EMD Serono, Inc., makers of Cladribine Tablets (an oral formulation of cladribine), announced today that they received a complete response letter (CRL) from the United States Food and Drug Administration (FDA). The FDA issues a CRL when it has completed the review of an application. However, in this situation, the FDA was not able to approve the application without additional information. The announcement was disappointing to members of the MS community, who were hoping to see another option added to the list of available disease-modifying therapies for the long-term treatment of MS.
According to EMD Serono, the FDA found substantial evidence of Cladribine Tablets' effectiveness as indicated by the CLARITY study. While the effectiveness was not in question, the FDA is looking for an improved understanding of safety risks and the overall benefit-risk profile. This will require either additional analysis of presently available data, or additional studies to be conducted.The drug company plans to request an end-of-review meeting with the FDA. During such a meeting, EMD Serono would find out how to proceed and if data from completed and ongoing clinical studies with Cladribine Tablets could be sufficient to answer the FDA's questions about safety.EMD Serono notes that they remain committed to completing their ongoing studies with Cladribine Tablets and to continue to seek FDA approval of their drug. Three ongoing studies are nearing completion, and top-line results (the initial, primary outcomes of a study) are expected by the end of 2011 and in the first half of 2012. The safety data from these studies should provide valuable, additional safety data for the FDA to consider.Cladribine is an investigational oral drug being studied for the long-term treatment of relapsing forms of multiple sclerosis (MS). It was submitted to the United States Food and Drug Administration (FDA) for approval and received Fast Track status in July 2010. Fast Track status reduces the FDA's review time from 10 months down to six - and a decision was expected by November 28, 2010. However, the agency extended the review time by three months, with a decision anticipated by February 28, 2011.While Cladribine Tablets were approved earlier this year in Australia and Russia (under the trade name Movectroi®), European regulators issued a negative opinion in regard to whether the benefits outweigh the risks. Merck Serono (a division of Merck KGaA) plans to appeal this negative decision, which came from the Committee for Medicinal Products for Human Use (CHMP) of the European Medicines Agency. This rejection was issued in September 2010, prior to the FDA extending its review period of the drug.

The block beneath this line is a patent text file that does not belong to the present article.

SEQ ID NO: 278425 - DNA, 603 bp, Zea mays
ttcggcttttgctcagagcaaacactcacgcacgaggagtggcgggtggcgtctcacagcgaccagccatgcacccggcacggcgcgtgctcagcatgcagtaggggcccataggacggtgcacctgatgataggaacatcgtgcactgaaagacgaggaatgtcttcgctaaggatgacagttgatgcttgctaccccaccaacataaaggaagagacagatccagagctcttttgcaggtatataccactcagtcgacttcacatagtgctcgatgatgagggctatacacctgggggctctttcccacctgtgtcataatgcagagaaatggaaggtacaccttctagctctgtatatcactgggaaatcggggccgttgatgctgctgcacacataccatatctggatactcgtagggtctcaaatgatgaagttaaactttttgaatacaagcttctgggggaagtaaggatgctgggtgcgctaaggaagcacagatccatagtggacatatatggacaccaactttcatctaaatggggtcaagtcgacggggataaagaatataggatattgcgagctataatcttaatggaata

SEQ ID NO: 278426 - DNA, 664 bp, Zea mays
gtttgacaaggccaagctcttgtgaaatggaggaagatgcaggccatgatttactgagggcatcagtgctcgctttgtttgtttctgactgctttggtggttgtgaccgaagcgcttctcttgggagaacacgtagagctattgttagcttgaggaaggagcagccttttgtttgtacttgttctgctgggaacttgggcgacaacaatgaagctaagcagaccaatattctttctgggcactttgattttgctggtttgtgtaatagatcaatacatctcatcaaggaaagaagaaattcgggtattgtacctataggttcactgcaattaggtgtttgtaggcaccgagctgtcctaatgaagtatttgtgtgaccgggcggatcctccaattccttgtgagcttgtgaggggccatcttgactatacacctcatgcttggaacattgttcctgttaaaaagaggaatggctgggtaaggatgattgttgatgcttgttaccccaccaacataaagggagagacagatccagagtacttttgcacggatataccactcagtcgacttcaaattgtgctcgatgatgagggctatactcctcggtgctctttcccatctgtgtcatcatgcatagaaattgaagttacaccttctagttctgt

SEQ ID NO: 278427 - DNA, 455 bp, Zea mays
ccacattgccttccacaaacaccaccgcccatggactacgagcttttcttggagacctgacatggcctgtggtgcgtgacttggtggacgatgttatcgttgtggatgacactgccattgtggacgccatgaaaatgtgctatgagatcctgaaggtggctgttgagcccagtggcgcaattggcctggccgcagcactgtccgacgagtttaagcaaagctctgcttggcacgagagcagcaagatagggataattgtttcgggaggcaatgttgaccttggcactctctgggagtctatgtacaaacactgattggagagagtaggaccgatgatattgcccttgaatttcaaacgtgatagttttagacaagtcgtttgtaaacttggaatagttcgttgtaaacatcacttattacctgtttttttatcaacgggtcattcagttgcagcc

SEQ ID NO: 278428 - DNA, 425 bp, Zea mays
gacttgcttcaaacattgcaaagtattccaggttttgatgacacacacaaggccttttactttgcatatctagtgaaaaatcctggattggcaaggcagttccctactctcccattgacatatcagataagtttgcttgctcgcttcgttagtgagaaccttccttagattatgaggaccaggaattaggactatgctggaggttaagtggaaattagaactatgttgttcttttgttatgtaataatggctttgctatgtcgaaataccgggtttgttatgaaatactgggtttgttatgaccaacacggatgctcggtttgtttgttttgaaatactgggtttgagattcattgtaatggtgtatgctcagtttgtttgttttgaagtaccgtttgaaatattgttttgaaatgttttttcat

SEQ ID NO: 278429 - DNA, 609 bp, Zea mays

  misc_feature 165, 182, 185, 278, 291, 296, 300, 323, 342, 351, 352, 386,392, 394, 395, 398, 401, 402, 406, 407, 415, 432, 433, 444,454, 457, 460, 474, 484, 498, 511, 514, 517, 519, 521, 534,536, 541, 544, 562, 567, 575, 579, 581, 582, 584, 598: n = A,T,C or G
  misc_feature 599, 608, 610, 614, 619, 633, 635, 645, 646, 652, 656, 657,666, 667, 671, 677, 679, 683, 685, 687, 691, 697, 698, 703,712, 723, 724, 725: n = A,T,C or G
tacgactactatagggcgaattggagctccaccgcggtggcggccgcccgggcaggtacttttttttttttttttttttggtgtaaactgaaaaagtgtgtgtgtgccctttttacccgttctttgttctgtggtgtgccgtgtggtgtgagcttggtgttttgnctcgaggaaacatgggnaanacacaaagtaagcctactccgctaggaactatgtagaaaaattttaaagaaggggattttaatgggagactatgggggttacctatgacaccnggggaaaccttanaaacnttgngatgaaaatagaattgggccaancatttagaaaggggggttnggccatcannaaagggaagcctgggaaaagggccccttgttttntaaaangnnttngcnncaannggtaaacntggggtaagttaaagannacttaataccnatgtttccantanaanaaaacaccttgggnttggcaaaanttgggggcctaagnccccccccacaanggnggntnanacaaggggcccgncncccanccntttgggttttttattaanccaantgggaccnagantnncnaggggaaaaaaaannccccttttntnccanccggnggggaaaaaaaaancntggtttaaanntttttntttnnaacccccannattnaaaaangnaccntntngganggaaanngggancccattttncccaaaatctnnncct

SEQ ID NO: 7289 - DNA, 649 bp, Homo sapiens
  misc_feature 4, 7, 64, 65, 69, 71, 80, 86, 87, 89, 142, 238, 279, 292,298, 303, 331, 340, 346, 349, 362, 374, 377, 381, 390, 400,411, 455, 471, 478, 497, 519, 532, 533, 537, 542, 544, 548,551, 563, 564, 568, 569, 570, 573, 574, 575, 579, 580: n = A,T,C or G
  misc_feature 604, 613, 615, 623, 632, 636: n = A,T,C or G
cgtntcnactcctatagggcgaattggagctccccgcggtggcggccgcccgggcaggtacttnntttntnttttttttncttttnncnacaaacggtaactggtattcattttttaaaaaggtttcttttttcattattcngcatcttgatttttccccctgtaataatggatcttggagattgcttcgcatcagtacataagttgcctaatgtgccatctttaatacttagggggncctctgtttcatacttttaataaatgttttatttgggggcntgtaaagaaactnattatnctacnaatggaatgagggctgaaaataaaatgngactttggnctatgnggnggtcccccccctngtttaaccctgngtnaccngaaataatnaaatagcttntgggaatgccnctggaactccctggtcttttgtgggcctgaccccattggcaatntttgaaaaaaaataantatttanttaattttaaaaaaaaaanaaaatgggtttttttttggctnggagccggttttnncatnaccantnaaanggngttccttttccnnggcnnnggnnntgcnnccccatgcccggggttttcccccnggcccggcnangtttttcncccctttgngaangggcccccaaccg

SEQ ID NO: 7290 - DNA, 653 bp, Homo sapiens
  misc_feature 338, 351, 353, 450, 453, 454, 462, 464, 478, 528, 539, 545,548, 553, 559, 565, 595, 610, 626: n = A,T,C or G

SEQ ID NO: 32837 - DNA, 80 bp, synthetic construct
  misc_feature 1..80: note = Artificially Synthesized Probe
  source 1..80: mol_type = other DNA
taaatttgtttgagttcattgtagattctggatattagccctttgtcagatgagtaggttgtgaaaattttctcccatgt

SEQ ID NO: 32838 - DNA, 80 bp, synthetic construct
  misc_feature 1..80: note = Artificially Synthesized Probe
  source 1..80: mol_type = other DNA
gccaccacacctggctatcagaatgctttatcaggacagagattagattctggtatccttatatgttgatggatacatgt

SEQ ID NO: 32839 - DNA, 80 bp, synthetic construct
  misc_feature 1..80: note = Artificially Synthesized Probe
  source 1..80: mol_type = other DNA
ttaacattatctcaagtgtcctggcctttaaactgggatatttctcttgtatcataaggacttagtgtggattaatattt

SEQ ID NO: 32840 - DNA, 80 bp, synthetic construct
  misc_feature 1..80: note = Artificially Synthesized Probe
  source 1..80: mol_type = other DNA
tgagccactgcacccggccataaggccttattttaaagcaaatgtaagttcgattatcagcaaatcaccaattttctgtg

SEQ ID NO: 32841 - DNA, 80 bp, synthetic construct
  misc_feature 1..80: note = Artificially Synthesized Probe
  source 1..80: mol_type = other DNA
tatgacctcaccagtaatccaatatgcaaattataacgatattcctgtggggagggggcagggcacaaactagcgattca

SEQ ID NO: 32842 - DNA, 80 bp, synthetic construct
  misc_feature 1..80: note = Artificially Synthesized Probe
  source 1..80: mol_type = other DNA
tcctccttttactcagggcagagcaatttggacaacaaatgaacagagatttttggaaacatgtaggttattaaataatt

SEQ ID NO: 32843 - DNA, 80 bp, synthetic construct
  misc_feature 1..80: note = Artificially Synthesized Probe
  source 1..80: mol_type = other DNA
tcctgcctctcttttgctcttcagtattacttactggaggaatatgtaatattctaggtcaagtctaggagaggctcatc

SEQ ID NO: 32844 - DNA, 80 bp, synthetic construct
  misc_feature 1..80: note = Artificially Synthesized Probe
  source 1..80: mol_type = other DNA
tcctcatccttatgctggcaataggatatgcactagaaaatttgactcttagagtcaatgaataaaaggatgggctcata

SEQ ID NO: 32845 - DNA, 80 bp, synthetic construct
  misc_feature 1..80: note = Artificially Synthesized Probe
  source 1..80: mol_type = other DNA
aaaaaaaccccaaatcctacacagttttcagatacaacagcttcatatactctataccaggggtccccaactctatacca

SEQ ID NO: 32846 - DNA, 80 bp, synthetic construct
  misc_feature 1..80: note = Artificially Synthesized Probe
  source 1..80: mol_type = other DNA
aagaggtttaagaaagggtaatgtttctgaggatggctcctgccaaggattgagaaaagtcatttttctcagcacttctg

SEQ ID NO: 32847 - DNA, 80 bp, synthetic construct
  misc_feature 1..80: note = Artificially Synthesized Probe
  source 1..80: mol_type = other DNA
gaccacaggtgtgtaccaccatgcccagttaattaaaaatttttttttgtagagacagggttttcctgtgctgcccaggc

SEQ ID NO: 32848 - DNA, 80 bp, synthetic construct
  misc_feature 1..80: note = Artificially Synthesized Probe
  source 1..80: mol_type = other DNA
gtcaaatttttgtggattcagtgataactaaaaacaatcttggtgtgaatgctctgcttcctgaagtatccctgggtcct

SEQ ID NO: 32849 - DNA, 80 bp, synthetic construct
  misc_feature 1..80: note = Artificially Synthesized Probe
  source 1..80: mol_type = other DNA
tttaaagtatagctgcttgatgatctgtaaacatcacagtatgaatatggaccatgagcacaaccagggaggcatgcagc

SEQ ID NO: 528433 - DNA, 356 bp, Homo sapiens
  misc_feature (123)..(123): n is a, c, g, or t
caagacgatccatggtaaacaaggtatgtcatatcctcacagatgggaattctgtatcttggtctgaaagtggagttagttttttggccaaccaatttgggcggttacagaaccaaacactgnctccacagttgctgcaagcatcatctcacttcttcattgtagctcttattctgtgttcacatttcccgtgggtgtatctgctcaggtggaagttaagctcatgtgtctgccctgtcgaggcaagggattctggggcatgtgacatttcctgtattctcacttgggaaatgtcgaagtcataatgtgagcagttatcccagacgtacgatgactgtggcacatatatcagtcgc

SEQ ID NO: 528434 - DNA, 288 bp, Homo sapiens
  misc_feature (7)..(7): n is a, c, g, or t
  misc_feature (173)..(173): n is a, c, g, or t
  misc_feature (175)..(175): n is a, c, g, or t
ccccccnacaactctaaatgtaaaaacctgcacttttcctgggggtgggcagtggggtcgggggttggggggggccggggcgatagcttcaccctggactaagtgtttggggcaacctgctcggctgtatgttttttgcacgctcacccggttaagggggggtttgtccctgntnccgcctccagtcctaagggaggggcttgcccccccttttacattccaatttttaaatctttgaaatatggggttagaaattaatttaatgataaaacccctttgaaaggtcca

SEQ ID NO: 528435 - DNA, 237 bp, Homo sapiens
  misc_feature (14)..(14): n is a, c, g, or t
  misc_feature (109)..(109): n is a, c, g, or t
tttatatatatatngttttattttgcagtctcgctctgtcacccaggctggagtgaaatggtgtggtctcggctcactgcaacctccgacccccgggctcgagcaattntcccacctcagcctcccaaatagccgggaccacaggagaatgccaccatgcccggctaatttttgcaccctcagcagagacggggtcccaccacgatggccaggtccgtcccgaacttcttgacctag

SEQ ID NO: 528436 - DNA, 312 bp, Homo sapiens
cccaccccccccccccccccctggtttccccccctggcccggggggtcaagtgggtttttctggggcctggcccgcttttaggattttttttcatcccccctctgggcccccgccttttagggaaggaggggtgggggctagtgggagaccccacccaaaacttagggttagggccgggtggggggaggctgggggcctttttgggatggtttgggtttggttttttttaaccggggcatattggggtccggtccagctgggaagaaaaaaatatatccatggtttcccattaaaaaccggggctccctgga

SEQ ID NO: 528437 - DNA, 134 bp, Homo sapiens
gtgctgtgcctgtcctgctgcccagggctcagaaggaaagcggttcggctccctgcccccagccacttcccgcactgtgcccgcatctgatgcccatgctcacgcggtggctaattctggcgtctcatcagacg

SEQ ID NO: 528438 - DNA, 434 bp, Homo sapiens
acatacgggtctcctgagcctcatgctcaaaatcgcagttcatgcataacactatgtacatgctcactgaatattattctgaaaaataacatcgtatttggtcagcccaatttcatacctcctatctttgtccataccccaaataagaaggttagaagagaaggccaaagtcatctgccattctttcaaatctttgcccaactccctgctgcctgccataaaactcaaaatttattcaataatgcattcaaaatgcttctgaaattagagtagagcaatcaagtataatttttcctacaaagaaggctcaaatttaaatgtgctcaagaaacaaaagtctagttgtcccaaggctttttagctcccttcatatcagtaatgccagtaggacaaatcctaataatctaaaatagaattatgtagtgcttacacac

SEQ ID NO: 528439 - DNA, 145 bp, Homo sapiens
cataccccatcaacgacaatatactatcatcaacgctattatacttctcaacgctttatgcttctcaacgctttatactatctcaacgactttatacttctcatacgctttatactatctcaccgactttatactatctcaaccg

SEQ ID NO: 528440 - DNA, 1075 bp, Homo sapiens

It would have been nice to have another oral therapy available, but if the risks outweigh the benefits then it is better that we wait for more testing to be done.
More Ways to Get Involved:
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